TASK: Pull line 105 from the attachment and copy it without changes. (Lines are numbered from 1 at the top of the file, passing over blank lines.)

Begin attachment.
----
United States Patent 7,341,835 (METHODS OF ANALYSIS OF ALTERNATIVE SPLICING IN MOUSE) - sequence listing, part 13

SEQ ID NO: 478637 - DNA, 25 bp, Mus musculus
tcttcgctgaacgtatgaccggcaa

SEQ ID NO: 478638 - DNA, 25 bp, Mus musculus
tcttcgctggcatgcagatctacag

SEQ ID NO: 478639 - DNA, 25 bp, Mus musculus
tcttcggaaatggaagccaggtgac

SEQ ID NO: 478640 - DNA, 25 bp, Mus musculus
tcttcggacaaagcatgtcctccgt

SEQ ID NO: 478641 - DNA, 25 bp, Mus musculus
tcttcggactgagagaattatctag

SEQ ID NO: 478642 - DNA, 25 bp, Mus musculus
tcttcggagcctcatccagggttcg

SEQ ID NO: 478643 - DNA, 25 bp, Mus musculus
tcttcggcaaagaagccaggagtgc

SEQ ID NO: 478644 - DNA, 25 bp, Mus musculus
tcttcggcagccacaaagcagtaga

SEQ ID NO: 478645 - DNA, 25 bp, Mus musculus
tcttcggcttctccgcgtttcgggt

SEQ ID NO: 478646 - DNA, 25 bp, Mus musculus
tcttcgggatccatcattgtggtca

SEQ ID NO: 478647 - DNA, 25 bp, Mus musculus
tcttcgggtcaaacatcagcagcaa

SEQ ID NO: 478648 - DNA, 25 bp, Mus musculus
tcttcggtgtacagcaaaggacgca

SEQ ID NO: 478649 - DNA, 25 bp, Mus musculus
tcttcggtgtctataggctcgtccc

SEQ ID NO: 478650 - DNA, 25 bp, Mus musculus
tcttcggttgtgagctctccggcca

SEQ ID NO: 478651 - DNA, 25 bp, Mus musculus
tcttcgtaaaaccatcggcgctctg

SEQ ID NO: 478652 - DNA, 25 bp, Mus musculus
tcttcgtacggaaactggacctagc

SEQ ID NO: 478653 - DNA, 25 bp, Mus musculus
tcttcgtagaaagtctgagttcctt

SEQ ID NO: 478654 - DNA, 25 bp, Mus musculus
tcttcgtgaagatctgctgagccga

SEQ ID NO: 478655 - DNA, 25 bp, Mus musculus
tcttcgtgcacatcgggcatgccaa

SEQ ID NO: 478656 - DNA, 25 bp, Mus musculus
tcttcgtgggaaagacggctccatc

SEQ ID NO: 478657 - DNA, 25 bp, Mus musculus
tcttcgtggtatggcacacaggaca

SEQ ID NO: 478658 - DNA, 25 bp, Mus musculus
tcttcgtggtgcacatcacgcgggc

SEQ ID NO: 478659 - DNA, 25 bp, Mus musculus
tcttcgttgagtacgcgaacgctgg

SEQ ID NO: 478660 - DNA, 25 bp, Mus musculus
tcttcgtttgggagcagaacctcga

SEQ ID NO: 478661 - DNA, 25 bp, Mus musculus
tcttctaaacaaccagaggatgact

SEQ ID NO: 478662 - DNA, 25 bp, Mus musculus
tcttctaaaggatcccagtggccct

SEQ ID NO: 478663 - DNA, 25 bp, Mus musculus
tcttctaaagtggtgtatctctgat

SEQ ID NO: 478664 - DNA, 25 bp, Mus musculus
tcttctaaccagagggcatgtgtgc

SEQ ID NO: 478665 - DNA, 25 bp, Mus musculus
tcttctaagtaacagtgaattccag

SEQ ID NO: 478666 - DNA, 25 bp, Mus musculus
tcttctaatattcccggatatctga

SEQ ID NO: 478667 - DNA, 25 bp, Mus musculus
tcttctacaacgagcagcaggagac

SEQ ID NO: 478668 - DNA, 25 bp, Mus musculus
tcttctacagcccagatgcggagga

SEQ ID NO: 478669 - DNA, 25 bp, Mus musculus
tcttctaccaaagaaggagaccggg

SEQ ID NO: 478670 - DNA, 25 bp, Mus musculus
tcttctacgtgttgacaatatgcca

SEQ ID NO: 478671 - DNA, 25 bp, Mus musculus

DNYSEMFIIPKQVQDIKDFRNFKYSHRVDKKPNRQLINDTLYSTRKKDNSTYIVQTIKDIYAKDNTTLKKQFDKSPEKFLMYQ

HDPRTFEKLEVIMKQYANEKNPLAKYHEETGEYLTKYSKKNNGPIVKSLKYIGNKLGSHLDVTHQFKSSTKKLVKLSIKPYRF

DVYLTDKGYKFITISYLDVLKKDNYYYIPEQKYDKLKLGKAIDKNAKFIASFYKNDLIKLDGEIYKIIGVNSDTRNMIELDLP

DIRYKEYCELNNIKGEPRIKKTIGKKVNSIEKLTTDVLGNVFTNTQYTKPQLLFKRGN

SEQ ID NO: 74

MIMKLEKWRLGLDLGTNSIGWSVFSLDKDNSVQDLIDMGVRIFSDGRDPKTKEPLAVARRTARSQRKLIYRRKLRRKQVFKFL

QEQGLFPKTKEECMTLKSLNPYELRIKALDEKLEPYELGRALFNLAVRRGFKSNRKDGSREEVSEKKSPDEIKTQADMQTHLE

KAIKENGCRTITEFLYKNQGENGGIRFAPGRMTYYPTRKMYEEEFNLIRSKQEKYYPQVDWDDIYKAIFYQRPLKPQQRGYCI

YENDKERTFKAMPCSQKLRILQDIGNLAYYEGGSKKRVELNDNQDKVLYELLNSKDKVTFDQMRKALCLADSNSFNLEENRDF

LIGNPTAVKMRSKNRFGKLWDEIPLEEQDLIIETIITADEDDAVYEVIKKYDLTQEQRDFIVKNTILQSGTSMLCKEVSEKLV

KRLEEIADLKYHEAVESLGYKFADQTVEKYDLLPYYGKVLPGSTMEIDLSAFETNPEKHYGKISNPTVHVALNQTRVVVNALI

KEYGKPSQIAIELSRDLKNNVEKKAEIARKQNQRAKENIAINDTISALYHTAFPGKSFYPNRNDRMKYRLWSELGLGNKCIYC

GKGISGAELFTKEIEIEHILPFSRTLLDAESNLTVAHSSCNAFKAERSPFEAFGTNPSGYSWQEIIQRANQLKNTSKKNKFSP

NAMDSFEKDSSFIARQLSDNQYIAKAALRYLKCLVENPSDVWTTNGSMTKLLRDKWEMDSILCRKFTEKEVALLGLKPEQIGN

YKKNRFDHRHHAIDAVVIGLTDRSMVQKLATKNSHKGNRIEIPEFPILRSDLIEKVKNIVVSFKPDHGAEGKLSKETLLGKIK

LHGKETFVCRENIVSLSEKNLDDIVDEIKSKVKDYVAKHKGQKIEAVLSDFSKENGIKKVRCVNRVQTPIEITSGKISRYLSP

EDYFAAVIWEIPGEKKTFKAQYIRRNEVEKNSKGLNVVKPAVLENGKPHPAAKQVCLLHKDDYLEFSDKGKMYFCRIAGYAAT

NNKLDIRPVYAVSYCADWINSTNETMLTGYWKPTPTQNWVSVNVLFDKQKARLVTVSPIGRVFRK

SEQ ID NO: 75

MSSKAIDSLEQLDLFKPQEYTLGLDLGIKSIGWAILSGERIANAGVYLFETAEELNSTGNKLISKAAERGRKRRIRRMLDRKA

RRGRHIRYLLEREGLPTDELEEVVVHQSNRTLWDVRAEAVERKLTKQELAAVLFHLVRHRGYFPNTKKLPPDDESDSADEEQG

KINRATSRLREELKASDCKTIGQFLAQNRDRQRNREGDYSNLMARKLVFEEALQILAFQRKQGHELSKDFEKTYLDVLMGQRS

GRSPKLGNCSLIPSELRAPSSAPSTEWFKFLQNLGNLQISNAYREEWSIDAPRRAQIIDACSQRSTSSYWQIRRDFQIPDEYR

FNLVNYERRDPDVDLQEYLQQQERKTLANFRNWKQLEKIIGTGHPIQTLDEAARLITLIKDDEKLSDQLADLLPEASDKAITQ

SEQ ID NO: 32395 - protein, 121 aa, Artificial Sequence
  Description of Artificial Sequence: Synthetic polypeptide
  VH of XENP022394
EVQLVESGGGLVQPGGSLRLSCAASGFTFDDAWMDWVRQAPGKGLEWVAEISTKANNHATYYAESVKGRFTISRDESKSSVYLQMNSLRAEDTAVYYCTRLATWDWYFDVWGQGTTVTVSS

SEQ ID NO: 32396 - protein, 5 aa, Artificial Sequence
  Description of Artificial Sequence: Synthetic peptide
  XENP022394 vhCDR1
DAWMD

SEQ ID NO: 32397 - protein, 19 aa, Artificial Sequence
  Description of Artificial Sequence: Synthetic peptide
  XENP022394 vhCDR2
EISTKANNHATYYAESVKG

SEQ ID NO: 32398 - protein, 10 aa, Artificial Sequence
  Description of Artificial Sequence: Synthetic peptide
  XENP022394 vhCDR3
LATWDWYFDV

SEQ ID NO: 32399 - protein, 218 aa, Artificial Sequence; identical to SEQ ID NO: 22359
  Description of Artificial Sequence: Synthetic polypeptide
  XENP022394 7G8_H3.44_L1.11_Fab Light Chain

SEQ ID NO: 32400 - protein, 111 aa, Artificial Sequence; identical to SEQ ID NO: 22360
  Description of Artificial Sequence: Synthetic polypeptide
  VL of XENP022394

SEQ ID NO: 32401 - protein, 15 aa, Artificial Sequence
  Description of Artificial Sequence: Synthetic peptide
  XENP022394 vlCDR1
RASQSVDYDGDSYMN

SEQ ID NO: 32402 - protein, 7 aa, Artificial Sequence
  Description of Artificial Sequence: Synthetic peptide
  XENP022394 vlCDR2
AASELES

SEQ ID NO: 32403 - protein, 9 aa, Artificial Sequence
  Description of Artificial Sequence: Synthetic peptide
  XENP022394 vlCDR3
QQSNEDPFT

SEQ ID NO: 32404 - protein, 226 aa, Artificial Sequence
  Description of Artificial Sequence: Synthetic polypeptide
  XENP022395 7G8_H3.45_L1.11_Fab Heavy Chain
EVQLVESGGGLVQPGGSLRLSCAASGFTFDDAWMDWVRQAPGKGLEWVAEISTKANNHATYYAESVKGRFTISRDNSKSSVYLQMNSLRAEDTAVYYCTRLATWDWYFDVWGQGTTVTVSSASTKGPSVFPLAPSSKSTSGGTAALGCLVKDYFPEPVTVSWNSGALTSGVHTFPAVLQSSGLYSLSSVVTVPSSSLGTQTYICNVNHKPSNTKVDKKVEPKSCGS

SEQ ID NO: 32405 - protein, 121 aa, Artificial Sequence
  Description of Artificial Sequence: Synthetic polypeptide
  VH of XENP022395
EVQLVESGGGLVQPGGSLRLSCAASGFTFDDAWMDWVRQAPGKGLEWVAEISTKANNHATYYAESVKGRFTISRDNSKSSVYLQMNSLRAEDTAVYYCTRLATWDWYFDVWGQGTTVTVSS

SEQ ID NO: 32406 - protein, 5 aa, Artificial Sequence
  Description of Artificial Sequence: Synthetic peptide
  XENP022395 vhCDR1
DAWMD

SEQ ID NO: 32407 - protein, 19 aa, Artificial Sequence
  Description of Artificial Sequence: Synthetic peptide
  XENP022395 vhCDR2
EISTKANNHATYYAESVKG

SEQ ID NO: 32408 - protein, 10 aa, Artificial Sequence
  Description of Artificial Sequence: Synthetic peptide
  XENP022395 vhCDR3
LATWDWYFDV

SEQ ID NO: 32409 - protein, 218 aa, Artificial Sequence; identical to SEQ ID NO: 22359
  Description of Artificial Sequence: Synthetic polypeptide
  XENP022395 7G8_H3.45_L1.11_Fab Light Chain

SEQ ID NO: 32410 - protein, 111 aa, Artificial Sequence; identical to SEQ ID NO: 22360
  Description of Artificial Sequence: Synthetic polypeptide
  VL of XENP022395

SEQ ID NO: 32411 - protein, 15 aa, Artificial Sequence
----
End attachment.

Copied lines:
  XENP022394 vhCDR2